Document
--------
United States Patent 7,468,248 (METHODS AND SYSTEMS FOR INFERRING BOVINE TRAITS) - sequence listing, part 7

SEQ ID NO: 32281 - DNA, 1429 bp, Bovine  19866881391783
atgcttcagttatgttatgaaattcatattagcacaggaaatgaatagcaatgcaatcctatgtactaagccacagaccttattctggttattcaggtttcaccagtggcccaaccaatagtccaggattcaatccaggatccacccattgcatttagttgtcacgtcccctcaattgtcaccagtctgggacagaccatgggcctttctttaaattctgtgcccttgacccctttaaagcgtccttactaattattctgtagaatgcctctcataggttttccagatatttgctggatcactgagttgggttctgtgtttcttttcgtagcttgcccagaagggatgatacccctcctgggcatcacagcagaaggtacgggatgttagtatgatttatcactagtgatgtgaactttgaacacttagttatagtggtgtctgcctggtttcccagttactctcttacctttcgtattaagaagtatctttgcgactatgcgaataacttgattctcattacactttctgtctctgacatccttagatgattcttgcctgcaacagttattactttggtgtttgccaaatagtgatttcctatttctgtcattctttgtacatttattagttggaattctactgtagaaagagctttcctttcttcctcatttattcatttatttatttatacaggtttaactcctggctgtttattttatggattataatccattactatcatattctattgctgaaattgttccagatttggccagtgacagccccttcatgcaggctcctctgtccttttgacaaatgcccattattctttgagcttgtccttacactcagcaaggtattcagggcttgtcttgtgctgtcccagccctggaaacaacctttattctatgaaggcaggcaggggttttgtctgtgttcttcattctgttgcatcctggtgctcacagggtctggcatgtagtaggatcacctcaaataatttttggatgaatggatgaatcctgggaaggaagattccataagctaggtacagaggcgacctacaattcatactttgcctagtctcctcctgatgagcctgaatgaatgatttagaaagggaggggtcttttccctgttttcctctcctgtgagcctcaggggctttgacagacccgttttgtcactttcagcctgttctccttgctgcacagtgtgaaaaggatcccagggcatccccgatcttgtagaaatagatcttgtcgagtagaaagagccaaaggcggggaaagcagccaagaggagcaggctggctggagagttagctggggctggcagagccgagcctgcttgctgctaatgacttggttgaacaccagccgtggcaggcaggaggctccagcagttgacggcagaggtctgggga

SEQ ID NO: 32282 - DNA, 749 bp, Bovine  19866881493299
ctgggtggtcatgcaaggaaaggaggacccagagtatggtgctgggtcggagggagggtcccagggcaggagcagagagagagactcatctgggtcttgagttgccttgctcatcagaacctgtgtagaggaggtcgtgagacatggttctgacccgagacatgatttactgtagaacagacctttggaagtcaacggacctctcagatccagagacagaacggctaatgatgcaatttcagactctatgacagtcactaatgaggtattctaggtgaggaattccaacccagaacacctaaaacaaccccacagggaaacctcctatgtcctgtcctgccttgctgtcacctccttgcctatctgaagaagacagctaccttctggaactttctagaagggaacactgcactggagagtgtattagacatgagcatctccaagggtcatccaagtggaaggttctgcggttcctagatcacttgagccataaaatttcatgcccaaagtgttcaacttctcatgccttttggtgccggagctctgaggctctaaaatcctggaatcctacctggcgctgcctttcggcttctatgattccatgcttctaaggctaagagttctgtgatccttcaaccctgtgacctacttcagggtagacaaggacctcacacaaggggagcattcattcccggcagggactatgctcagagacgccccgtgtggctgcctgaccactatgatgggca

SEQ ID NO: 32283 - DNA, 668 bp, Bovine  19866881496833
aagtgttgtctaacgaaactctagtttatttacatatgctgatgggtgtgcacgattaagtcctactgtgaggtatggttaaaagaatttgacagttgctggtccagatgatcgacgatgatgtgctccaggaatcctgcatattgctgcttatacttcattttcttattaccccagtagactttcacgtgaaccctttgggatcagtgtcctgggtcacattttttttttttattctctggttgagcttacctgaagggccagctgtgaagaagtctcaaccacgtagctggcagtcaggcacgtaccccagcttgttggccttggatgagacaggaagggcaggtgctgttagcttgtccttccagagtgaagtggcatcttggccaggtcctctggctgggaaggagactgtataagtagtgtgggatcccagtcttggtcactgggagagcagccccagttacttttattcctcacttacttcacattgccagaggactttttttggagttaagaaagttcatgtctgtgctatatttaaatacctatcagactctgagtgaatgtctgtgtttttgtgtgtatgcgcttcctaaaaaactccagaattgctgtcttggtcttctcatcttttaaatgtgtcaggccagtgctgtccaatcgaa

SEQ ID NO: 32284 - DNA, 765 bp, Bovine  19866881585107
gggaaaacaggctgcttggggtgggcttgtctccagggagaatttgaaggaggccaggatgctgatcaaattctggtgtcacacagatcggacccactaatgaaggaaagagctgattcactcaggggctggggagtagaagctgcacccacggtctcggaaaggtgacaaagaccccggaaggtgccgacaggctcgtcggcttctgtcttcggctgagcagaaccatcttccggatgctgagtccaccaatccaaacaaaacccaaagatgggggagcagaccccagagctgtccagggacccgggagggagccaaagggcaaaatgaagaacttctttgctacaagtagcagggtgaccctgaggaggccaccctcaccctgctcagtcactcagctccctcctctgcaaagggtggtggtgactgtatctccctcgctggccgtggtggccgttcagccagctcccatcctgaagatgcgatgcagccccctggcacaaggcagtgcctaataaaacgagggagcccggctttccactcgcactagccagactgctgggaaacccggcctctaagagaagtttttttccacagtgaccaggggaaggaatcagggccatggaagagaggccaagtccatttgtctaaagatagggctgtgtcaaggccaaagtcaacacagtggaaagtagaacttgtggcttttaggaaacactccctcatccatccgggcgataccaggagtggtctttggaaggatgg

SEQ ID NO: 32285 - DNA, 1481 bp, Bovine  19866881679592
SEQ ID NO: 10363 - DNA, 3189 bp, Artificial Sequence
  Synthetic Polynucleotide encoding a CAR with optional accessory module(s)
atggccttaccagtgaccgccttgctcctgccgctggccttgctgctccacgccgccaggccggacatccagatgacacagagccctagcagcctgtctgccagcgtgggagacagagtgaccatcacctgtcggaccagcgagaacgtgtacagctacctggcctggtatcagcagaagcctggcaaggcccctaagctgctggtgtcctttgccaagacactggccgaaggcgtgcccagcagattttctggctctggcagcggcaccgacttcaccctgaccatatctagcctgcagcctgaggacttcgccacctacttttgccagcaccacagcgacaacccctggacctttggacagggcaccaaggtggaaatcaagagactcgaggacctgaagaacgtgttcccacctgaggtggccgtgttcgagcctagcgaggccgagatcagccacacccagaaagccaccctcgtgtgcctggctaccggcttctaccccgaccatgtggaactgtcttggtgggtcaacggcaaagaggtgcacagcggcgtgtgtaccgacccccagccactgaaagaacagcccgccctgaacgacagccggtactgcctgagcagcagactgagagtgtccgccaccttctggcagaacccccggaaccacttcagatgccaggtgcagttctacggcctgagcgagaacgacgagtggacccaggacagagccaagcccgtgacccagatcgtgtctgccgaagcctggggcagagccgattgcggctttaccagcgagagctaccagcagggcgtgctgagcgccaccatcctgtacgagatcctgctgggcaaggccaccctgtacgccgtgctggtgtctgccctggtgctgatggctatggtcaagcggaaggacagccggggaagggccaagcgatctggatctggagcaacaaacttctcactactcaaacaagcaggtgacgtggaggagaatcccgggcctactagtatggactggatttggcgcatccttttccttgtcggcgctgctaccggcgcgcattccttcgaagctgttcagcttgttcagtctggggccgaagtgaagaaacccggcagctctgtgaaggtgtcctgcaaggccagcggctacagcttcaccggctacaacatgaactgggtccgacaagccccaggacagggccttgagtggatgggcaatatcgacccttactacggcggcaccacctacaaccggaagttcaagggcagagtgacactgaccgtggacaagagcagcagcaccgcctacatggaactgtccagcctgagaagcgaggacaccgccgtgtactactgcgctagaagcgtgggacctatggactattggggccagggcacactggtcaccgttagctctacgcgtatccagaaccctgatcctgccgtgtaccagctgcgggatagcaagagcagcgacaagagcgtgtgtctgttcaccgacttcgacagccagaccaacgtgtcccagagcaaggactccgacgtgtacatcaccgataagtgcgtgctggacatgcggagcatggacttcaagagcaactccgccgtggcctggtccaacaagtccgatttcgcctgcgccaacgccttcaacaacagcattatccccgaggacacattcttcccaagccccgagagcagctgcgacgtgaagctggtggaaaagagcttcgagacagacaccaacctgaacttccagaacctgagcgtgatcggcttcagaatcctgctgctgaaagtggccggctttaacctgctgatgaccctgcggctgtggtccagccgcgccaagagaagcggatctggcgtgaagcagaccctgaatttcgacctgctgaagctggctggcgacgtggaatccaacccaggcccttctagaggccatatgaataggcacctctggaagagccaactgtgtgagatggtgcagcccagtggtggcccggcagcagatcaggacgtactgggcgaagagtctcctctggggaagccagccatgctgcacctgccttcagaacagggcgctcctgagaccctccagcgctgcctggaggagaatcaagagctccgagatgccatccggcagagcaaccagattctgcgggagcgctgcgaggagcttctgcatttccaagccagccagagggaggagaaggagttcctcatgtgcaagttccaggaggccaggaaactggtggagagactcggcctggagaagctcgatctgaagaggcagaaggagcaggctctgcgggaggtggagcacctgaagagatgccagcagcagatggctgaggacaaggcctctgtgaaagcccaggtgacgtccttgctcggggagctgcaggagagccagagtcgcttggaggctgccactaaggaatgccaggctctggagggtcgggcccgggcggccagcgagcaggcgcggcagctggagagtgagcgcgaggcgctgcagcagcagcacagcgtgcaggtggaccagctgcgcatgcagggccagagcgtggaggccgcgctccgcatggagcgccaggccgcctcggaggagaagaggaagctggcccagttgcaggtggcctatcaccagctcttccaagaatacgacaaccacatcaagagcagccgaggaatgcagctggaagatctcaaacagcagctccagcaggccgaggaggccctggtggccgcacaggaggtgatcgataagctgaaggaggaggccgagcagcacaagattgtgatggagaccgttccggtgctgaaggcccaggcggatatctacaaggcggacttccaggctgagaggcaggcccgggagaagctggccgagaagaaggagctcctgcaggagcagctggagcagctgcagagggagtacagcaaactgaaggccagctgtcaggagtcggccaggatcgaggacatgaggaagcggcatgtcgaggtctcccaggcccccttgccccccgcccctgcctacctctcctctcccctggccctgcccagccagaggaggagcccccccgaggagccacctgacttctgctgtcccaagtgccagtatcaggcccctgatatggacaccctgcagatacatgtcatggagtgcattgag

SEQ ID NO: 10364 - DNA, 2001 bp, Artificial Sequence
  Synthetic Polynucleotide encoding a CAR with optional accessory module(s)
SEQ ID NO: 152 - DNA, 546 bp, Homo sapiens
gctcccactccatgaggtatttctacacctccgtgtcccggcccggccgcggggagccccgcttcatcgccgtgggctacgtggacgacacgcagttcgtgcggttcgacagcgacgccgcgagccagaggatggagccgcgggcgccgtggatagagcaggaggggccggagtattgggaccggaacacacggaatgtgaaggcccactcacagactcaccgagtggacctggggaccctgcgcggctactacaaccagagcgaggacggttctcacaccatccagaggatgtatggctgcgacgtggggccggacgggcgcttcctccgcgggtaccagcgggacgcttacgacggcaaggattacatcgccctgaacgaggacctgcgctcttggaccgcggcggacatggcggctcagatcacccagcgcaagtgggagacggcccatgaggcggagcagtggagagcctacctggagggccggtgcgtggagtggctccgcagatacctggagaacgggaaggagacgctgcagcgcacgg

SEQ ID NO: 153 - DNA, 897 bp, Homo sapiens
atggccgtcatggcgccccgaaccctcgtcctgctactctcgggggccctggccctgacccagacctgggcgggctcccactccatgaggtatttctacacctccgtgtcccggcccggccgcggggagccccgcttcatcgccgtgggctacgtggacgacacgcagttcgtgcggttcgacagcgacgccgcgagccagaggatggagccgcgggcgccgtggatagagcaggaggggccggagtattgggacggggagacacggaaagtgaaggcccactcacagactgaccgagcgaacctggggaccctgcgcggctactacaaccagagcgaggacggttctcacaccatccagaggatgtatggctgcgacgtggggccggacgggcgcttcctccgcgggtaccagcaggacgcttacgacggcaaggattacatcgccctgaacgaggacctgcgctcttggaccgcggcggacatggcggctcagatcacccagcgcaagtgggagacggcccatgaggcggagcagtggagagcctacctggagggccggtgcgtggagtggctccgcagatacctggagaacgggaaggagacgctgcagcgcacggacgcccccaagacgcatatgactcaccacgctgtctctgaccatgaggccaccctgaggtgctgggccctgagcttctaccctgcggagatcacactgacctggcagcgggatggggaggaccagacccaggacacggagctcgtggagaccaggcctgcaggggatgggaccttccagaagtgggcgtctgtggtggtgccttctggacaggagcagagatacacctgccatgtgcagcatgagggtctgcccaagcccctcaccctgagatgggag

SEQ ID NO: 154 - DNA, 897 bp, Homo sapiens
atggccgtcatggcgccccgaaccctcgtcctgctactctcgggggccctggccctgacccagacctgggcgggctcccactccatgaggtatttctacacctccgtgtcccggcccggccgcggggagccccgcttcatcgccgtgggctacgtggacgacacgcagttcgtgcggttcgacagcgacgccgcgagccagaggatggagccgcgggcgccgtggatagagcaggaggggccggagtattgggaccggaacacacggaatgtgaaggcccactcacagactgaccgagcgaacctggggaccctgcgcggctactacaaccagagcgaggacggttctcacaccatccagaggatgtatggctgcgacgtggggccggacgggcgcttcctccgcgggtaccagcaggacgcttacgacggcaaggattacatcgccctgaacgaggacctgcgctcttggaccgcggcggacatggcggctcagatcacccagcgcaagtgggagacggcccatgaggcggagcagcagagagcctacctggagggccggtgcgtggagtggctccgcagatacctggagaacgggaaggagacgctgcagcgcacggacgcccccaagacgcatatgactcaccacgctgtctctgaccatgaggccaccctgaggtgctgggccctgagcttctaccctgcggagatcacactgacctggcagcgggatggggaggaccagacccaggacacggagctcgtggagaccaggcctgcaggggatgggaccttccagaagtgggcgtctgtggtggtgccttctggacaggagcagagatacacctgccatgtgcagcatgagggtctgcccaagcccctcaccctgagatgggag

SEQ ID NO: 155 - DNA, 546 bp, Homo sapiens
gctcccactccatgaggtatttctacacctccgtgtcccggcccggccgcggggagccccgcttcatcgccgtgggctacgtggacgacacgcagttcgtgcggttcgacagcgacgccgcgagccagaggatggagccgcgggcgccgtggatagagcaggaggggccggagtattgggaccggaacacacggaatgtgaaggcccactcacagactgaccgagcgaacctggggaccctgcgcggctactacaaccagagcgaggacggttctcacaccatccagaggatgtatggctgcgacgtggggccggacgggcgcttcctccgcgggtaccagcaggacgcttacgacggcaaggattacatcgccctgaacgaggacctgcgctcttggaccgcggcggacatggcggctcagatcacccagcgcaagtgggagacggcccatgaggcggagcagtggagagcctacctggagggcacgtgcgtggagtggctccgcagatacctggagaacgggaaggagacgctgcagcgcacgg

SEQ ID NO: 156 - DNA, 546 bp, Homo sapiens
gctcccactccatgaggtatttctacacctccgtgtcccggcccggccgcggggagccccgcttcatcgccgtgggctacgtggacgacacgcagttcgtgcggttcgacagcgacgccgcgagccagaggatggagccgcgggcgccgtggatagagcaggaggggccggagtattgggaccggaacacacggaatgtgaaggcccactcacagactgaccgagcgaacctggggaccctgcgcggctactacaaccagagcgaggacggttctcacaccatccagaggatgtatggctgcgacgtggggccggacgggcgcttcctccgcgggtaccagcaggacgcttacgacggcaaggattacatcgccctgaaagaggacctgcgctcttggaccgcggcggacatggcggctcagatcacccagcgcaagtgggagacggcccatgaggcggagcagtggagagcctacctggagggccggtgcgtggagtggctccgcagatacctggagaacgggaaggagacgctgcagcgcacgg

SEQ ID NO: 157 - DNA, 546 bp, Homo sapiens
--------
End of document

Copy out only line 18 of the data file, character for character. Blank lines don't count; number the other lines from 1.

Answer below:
SEQ ID NO: 153 - DNA, 897 bp, Homo sapiens